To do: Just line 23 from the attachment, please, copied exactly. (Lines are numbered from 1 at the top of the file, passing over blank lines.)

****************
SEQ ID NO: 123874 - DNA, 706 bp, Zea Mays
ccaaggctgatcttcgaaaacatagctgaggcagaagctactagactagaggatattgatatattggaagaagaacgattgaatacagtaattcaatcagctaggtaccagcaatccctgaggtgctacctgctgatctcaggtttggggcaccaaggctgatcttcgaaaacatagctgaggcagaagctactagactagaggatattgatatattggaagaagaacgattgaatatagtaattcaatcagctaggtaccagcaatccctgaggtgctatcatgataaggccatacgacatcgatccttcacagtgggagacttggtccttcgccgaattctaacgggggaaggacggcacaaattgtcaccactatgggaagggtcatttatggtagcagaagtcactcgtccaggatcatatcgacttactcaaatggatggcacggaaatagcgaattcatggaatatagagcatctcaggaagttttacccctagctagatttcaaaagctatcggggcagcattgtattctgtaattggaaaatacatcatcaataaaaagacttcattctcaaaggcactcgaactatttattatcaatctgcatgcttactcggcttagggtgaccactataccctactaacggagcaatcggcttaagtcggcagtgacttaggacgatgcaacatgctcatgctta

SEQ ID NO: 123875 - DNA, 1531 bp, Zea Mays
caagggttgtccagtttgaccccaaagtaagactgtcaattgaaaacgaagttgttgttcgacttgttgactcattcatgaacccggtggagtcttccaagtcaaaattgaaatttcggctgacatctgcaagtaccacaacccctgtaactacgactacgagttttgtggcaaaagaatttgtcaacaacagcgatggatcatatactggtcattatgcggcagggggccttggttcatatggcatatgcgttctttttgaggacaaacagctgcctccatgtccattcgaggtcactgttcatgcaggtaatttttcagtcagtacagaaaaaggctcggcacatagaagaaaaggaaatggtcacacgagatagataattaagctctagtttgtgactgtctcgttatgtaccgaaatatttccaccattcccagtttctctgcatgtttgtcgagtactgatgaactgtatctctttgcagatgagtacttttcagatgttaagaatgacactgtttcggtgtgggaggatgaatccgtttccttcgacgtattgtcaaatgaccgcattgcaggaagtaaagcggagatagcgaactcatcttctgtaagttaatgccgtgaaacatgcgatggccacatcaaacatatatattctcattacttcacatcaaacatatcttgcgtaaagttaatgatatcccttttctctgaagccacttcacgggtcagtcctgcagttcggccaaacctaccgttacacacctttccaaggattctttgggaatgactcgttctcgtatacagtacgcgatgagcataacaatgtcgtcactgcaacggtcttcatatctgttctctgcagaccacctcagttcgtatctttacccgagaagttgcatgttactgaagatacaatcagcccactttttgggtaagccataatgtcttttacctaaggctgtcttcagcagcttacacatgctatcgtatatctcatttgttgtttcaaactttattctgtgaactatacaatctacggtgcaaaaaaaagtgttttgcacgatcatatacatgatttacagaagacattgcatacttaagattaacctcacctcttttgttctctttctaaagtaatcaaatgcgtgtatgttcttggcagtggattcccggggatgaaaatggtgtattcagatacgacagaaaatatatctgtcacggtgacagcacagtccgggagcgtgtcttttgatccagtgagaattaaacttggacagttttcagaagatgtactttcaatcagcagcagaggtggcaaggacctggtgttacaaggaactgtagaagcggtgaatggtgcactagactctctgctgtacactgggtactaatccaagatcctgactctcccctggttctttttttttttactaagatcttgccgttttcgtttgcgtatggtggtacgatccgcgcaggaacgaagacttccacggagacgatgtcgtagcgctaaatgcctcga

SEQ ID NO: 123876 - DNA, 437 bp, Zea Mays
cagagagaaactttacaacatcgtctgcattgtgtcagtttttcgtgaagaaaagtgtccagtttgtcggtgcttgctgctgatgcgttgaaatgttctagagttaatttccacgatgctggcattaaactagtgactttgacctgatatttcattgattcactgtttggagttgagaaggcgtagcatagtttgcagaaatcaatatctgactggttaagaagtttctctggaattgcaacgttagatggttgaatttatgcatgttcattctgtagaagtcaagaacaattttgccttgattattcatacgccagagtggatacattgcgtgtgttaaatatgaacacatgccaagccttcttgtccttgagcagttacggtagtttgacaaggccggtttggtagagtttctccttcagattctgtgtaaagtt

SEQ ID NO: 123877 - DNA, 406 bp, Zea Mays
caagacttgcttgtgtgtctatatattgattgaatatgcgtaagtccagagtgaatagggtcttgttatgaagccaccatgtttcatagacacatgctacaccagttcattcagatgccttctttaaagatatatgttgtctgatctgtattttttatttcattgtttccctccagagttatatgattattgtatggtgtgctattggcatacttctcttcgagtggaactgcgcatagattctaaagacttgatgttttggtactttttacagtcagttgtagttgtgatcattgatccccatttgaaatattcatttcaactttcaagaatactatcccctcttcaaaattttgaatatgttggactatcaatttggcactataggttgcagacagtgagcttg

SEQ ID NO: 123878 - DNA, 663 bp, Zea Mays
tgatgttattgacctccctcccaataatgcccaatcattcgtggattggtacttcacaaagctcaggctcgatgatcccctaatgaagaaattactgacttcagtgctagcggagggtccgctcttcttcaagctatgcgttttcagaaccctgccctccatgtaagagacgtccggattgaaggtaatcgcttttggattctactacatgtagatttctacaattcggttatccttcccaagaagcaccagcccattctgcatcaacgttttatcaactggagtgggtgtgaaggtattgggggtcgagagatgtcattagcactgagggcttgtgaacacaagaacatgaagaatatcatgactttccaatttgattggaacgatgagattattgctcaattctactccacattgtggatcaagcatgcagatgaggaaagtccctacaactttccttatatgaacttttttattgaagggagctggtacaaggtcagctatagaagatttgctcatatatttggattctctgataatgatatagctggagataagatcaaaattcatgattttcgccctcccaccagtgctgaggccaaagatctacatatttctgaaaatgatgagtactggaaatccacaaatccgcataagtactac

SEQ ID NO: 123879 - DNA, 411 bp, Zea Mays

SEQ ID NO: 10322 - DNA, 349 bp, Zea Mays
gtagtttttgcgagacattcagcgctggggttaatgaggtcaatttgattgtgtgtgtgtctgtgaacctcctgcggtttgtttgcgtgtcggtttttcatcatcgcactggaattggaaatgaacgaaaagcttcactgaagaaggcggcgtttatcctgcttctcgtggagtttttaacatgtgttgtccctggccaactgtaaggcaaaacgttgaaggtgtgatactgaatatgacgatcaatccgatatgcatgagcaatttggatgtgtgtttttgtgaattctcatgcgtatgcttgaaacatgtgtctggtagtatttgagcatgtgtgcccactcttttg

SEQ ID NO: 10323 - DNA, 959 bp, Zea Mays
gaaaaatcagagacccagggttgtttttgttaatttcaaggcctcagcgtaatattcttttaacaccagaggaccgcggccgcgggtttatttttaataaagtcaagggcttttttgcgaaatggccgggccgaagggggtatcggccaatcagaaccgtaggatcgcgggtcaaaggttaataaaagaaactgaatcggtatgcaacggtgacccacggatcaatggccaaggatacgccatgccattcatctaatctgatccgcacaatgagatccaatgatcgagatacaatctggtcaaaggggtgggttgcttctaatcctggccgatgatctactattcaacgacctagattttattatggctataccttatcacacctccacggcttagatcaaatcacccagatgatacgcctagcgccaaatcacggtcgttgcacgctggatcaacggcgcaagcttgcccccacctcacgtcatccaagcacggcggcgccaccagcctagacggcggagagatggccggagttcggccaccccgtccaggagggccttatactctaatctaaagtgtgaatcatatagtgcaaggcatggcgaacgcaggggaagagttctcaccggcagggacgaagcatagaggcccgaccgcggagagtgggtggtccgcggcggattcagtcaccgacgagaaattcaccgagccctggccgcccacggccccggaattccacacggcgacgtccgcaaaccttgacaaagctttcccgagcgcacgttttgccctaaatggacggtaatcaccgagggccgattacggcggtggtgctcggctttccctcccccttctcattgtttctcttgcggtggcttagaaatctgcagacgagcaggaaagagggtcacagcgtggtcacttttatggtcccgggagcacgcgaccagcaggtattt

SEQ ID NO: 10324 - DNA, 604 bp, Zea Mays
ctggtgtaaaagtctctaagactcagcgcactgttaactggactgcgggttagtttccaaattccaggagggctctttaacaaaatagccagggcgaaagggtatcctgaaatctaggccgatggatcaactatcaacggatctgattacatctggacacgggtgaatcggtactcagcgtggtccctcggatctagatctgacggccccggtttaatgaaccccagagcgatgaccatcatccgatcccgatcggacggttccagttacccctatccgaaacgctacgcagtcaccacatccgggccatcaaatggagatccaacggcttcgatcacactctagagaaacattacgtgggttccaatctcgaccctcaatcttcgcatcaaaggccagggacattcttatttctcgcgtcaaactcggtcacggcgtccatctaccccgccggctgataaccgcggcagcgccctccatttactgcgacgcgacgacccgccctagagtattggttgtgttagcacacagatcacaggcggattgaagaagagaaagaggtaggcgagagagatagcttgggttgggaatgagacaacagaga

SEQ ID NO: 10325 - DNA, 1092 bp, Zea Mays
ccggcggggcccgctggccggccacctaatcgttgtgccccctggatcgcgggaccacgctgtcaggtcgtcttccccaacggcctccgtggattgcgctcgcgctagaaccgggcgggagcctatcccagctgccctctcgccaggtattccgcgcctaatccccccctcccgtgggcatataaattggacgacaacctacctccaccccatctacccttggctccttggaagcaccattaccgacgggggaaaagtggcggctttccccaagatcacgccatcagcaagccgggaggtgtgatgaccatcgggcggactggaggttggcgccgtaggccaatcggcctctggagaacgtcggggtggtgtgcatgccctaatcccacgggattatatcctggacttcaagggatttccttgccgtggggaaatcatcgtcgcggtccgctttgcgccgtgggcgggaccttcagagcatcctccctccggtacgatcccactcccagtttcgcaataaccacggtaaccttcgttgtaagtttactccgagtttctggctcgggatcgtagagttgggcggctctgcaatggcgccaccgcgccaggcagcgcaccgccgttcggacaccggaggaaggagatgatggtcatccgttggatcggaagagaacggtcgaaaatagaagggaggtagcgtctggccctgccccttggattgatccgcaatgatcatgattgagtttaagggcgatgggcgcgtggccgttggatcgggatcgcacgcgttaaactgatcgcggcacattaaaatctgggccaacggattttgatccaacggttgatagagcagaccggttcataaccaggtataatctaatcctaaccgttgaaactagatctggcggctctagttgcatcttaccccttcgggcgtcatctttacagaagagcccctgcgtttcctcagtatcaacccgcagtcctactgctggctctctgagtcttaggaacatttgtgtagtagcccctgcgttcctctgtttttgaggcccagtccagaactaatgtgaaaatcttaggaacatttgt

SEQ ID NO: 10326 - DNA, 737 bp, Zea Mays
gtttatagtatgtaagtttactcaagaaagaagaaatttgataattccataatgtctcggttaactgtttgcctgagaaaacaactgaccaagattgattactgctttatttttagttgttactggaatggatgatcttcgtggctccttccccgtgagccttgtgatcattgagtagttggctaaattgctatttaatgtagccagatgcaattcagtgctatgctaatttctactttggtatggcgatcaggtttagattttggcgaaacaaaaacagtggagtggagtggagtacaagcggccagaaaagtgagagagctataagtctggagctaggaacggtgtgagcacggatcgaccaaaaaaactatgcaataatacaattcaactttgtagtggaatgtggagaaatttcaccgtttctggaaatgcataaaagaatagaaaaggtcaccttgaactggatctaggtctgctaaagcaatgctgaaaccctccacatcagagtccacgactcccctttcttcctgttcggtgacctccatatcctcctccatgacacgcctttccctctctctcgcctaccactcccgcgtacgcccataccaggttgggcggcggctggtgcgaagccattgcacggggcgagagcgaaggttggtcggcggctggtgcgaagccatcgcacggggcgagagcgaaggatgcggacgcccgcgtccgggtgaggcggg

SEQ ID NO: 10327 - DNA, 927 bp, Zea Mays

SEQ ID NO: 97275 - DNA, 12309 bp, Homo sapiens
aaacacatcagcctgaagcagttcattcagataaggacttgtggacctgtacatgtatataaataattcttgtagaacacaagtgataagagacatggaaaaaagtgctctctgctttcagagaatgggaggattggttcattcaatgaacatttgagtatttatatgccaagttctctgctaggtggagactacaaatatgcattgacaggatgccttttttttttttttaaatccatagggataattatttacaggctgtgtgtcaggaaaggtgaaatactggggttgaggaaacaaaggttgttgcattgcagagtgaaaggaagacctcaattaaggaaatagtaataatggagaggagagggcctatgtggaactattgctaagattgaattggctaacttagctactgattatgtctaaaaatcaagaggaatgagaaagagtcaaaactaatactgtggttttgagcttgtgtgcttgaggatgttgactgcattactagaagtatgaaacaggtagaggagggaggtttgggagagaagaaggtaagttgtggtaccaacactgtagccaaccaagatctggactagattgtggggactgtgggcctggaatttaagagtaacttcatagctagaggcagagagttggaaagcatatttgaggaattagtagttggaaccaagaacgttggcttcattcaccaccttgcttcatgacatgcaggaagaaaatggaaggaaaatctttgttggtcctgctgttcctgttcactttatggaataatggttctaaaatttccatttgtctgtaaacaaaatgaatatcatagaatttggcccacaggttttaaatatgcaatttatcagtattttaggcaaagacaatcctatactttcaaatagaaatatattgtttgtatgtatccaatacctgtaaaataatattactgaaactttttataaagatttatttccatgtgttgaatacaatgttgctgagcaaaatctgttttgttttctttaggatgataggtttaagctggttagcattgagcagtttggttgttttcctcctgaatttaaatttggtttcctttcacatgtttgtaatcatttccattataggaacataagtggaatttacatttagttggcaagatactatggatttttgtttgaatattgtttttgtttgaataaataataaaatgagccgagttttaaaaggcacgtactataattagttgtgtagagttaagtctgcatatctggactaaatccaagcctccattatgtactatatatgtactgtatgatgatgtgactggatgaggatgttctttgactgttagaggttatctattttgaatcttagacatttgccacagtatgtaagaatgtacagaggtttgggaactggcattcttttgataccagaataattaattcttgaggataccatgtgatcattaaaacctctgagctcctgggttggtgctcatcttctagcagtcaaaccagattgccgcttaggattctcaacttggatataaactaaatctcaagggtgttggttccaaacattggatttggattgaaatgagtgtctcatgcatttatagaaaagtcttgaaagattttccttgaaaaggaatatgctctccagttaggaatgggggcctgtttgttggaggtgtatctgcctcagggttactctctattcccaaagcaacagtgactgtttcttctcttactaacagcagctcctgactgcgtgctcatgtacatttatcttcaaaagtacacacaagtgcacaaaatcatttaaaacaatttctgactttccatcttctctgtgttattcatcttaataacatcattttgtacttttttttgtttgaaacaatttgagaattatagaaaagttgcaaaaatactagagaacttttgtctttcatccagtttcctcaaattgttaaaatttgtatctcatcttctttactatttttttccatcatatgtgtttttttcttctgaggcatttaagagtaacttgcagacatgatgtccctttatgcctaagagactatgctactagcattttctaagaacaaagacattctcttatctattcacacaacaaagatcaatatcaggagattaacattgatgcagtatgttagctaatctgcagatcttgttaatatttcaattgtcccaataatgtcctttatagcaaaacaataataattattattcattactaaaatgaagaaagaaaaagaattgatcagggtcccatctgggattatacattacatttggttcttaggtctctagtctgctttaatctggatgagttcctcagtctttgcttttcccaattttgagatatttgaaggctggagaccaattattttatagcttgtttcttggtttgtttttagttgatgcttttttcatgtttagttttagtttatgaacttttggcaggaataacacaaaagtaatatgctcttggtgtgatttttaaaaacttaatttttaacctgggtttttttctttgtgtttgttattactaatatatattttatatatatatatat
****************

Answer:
SEQ ID NO: 97275 - DNA, 12309 bp, Homo sapiens